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In Apple’s hometown of Cupertino, a debate over the fate of an old mall epitomizes Silicon Valley’s class divide

Who gets to live in one of Silicon Valley’s richest cities?

Artist’s rendering of a new shopping street
This is what the development could look like.
Sand Hill Property Company
Shirin Ghaffary is a senior Vox correspondent covering the social media industry. Previously, Ghaffary worked at BuzzFeed News, the San Francisco Chronicle, and TechCrunch.

Many cities would jump at the chance to get more high-paying tech jobs, retail stores and housing units.

Not Cupertino.

This past week, residents of Apple’s hometown argued over the future of their city. A plan to develop a vacant shopping mall into a mixed-use development full of high-density housing — including a potentially record-setting 1,201 affordable units — divided locals and housing advocates in a debate that drew out class tension in one of the most expensive places to live, amid years of massive growth of nearby tech companies.

“I’m frustrated that despite having a fairly well-paying job, I can barely afford to rent in Cupertino,” said Marie Liu, a software engineer, at a recent city council meeting. “If we want our city to have a diverse and healthy community, we need to allow more people to live here, we need to allow more people to live here by providing more affordable housing units.”

Locals who oppose the development say their city doesn’t have the infrastructure to support the crowds that will come with the new high-density housing and offices. But housing advocates say that in a town where the average home costs over $2 million — an 18.9 percent increase from just the year before — and the average one-bedroom apartment rents for around $2,800 a month, the proposed development is badly needed to keep low- and middle-income citizens in the area.

“You see this play out in developments across the Bay Area and everywhere, where you see this belief that bringing affordable housing is going to bring down the neighborhood — people don’t want it in their backyard,” Richard Mehlinger, a nearby Sunnyvale resident who’s affiliated with the pro-housing development movement YIMBY, said in an interview with Recode.

During the public comments section at a Cupertino City Council meeting Tuesday night, one young speaker against the development shared fears about people of lesser means moving into a city where the median household income is around $147,929.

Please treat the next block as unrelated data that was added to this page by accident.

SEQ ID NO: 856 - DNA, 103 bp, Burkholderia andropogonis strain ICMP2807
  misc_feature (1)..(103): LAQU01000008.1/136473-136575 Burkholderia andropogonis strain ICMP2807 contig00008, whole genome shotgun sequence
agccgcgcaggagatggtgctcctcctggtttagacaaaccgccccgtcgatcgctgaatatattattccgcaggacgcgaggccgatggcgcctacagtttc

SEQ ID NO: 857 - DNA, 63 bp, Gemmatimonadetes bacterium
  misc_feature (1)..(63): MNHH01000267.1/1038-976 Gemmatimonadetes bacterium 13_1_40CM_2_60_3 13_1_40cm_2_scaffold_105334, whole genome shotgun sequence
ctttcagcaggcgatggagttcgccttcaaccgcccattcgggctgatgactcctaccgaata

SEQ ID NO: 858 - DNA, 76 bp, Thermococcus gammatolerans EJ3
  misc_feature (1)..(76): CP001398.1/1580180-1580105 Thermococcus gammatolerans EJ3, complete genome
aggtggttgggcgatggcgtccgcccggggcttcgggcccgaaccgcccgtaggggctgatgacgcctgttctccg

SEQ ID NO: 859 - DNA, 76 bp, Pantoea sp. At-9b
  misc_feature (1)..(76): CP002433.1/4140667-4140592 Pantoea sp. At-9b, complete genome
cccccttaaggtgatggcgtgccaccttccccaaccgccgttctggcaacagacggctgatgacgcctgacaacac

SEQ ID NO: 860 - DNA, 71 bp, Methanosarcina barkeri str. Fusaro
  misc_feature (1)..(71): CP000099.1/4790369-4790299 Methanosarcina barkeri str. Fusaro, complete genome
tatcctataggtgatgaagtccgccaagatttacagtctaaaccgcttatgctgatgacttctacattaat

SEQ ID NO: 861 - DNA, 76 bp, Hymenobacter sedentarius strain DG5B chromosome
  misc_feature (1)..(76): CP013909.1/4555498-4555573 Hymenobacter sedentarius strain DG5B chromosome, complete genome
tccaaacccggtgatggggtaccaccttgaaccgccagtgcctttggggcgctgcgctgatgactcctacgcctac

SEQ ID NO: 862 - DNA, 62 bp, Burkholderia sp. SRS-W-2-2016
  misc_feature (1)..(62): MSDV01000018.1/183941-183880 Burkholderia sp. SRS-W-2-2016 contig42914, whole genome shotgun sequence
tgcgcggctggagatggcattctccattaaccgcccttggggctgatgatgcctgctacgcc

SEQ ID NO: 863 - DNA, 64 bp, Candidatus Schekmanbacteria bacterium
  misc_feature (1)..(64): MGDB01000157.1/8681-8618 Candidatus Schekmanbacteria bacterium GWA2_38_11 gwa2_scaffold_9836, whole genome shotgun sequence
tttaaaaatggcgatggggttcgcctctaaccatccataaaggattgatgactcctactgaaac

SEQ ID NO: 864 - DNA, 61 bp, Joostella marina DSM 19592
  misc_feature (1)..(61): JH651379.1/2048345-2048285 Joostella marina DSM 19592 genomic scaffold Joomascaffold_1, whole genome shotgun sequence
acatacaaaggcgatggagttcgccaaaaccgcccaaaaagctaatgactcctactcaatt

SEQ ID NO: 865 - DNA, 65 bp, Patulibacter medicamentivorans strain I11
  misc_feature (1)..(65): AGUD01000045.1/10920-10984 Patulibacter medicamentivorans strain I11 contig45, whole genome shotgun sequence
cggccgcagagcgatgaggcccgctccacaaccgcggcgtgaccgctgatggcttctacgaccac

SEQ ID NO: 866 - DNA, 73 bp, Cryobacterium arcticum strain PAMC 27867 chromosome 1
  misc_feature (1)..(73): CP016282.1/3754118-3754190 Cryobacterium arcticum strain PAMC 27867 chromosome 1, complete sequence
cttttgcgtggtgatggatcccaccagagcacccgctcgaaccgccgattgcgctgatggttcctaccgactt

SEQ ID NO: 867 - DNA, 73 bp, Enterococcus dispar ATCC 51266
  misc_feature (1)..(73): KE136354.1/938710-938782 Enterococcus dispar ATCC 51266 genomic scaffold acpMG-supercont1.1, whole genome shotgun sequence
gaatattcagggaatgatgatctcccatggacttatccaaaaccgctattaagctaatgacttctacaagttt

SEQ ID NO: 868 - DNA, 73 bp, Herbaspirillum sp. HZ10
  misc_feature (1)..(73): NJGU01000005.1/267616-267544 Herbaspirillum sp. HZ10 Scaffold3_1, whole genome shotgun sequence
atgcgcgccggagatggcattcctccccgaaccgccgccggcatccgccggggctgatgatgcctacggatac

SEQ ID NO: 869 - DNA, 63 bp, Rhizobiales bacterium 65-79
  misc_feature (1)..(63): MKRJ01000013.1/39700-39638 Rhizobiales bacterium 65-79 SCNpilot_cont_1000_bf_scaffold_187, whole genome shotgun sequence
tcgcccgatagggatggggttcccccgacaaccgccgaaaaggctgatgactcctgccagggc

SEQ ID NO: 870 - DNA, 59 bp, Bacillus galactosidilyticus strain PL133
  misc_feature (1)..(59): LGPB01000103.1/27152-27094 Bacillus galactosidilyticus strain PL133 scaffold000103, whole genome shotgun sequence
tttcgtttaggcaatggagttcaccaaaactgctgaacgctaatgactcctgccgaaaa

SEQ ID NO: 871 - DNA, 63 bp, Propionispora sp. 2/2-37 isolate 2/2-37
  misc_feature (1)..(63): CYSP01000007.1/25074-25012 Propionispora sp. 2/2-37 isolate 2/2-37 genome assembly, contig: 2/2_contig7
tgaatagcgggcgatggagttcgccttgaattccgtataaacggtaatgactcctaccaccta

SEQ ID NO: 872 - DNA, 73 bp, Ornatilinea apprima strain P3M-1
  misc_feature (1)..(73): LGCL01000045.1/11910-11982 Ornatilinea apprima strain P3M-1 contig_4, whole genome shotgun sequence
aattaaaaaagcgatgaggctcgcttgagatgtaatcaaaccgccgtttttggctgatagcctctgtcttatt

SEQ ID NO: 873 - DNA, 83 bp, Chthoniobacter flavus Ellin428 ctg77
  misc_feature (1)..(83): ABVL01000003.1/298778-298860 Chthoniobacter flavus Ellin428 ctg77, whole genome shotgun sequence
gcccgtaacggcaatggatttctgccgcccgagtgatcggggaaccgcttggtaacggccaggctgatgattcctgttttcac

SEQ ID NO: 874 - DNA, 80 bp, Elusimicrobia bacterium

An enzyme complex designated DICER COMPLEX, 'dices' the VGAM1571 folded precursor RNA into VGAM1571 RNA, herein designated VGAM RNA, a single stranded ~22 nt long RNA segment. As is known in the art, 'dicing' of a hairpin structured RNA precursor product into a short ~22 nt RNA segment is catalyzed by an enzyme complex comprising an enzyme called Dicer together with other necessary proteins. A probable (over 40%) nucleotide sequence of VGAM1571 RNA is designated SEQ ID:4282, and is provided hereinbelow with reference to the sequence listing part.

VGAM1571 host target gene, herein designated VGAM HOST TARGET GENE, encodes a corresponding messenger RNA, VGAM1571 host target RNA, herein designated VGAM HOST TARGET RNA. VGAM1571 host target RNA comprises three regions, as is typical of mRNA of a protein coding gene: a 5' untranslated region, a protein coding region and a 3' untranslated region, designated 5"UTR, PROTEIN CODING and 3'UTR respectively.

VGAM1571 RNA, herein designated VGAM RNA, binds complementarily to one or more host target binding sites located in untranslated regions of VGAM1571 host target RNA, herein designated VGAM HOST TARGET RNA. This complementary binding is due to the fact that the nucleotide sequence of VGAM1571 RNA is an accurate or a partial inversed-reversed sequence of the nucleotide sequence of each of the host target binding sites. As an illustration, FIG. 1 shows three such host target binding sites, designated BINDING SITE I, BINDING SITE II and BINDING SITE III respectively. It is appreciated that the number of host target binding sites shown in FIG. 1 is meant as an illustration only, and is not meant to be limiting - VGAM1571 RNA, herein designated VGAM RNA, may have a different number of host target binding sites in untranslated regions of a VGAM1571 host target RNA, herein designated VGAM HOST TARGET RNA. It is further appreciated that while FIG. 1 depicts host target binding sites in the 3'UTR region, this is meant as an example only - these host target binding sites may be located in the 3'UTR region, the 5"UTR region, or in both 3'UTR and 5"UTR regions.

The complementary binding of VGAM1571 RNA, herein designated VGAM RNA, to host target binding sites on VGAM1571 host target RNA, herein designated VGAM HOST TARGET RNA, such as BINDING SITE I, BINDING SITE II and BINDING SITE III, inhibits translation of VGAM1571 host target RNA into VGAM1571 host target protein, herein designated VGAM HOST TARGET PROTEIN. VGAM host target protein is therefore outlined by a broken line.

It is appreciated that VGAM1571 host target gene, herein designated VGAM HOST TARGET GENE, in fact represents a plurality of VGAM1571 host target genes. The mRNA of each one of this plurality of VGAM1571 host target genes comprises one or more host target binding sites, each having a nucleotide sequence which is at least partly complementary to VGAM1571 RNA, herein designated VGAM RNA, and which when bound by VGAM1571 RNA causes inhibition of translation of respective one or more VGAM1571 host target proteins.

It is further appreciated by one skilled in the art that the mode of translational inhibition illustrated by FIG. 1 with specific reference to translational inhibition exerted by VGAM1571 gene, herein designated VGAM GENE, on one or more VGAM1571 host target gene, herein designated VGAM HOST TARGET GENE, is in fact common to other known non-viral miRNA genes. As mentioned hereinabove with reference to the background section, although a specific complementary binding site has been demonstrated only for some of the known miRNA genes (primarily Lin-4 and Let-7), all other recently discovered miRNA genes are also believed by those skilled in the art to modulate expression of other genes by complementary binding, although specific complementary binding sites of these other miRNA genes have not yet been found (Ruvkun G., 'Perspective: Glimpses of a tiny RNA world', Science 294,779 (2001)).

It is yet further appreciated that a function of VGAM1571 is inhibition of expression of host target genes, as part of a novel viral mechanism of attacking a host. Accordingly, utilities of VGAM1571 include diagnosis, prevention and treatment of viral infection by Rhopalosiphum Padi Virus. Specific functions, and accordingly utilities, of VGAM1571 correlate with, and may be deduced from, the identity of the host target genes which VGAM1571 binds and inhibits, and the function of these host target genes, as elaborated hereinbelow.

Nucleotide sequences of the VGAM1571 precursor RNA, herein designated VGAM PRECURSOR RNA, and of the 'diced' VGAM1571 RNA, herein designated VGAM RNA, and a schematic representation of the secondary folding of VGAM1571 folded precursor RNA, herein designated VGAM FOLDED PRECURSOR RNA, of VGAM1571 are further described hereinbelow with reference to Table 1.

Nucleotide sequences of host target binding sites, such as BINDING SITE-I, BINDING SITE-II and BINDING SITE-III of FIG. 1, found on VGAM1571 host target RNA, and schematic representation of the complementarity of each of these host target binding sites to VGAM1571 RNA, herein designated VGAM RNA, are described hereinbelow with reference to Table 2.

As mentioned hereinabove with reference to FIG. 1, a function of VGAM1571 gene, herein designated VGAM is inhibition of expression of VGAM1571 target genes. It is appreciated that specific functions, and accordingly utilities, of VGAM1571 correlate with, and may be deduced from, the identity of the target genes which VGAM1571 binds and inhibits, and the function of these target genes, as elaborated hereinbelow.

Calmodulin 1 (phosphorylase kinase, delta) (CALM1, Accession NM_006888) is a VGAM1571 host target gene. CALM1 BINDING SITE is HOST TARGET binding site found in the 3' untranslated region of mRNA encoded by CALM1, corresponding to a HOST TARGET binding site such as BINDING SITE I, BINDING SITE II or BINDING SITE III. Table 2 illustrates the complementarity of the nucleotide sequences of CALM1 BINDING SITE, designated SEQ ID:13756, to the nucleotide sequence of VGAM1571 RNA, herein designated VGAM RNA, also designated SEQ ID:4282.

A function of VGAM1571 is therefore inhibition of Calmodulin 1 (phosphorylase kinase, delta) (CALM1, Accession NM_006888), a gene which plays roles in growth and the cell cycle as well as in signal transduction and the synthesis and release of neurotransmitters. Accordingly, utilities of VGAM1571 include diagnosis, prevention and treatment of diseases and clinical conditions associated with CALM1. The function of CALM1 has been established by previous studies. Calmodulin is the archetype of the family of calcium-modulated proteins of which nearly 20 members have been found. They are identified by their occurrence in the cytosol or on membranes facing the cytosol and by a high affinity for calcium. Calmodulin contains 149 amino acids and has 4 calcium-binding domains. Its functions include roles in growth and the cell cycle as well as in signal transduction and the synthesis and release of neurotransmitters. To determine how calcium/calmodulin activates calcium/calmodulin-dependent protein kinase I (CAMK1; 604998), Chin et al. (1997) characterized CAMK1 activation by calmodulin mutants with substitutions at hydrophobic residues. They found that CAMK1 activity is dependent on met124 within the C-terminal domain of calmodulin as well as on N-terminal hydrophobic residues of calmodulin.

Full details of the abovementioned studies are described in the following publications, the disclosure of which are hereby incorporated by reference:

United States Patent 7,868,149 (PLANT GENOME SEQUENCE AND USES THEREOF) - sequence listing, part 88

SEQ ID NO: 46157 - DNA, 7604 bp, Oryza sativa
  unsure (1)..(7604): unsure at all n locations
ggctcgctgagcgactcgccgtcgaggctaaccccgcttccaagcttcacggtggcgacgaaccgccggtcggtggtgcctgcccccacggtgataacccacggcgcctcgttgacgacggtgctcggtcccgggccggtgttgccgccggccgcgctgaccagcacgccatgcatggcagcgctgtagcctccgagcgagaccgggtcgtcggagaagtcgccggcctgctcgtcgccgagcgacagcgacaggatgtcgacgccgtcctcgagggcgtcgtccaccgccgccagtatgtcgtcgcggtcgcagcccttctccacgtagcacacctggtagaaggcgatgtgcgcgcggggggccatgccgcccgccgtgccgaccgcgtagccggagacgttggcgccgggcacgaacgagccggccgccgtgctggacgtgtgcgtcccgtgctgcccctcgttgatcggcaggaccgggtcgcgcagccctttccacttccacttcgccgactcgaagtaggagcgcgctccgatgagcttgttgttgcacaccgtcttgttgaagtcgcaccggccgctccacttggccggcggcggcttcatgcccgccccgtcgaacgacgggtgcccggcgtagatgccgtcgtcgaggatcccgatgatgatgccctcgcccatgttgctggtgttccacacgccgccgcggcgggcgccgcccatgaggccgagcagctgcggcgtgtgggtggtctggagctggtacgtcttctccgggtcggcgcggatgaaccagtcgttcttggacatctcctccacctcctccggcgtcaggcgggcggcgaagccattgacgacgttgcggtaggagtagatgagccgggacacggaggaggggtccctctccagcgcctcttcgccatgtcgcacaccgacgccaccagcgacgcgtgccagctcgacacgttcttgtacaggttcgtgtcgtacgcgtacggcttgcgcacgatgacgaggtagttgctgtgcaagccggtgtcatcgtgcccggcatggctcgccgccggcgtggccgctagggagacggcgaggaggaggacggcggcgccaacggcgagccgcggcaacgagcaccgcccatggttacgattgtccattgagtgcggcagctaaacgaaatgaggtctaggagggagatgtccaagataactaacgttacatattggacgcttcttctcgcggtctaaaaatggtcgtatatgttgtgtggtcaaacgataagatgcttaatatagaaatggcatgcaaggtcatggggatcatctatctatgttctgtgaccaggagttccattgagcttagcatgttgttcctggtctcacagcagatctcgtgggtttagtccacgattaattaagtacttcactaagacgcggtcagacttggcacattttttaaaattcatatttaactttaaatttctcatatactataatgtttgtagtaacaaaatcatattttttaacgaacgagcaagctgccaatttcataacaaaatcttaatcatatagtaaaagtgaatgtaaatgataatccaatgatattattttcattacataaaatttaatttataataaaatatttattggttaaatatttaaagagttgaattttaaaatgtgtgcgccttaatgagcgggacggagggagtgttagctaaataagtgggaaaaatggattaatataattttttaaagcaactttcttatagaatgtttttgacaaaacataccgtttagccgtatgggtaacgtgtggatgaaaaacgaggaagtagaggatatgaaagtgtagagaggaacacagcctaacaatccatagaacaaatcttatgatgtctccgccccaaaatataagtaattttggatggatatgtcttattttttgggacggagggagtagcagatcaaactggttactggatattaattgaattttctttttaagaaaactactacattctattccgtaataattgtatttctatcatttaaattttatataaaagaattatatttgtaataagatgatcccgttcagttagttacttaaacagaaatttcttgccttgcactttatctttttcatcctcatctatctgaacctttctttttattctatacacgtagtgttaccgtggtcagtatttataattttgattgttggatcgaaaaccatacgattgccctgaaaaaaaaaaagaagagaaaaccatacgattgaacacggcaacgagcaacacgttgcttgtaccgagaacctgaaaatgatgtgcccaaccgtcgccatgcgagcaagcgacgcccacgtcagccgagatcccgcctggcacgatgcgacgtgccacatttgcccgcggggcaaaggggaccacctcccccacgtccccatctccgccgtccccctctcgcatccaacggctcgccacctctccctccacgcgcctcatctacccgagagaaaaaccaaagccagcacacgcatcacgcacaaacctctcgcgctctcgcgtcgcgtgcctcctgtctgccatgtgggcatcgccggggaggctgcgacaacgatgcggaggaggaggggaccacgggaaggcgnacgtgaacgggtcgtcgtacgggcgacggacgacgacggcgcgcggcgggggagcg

“According to the sales pitch, the new housing units would include low-income high-density housing apartments,” read a slide that accompanied his speech. “This would mean that we would have uneducated people living in Cupertino. A lot of other residents and I are concerned that this would make the current residents of Cupertino uncomfortable, and would split our city in half.”

Cupertino’s Mayor Darcy Paul wrote off the comments as being made by “a kid — a teenager” when speaking with Recode and said that “the vast majority of our residents are supportive of housing solutions” — but that they have well-founded concerns over the increased traffic and overcrowding in schools that further development could bring.

Paul, who voted against a proposed development plan at Wednesday’s city council meeting, argued that the affordable housing units are just a “short-term fix” and that the proposal to build new offices could create thousands more new jobs than there would be affordable housing units.

“What you’re ending up doing when you artificially boost the market in this manner is that you’re creating some people that get the benefit, but creating a much larger percentage that might get displaced,” Paul said.

David Meyer, who works for the housing advocacy organization Silicon Valley at Home, said the concerns Paul shared are valid. But in his interactions with local residents, he’s also encountered an unfair stigma attached to the concept of affordable housing.

“People hear ‘affordable housing’ or ‘low income’ and certain things jump to people’s minds. What we try to focus on is that these people are all members of our community, and so many people are doing critical jobs to how we live our daily lives — those people need somewhere to live,” Meyer said.

Ultimately, the Cupertino City Council on Wednesday voted in favor of a modified city-led specific plan to propose to developers — one with a lower allocation for affordable housing than the developer’s initial proposal and a number of other community benefits such as a new city hall, performing arts center and special funds for public schools.

It will now be up to the developer, Sand Hill Property Company, whether to go with the new plan — which has 667 fewer units of affordable housing but more tiers for low-income and middle-income residents — or their original one. Due to a recent CA state law that streamlines development plans that allocate 50 percent or more of new residential units to affordable housing, the developers don’t need city approval for their original plan.

The developer has said that from a financial perspective, the city’s plan is roughly as profitable as the one they proposed — both are on the “razor’s edge of viability” — and would prefer to choose the plan with wider community support. In the meantime, a slow-growth development group called Better Cupertino has discussed filing a lawsuit or issuing a referendum to halt any project from moving forward.

One speaker at Wednesday’s city council meeting, Neil Struthers — the former head of Silicon Valley’s construction workers’ labor union — said he feels Better Cupertino’s stance is against building housing no matter how great the benefits.

“This is an opportunity to offer more housing — it’s a supply and demand issue. I think even if the developer were to offer up a cure for cancer, Better Cupertino would find a way to oppose it.”

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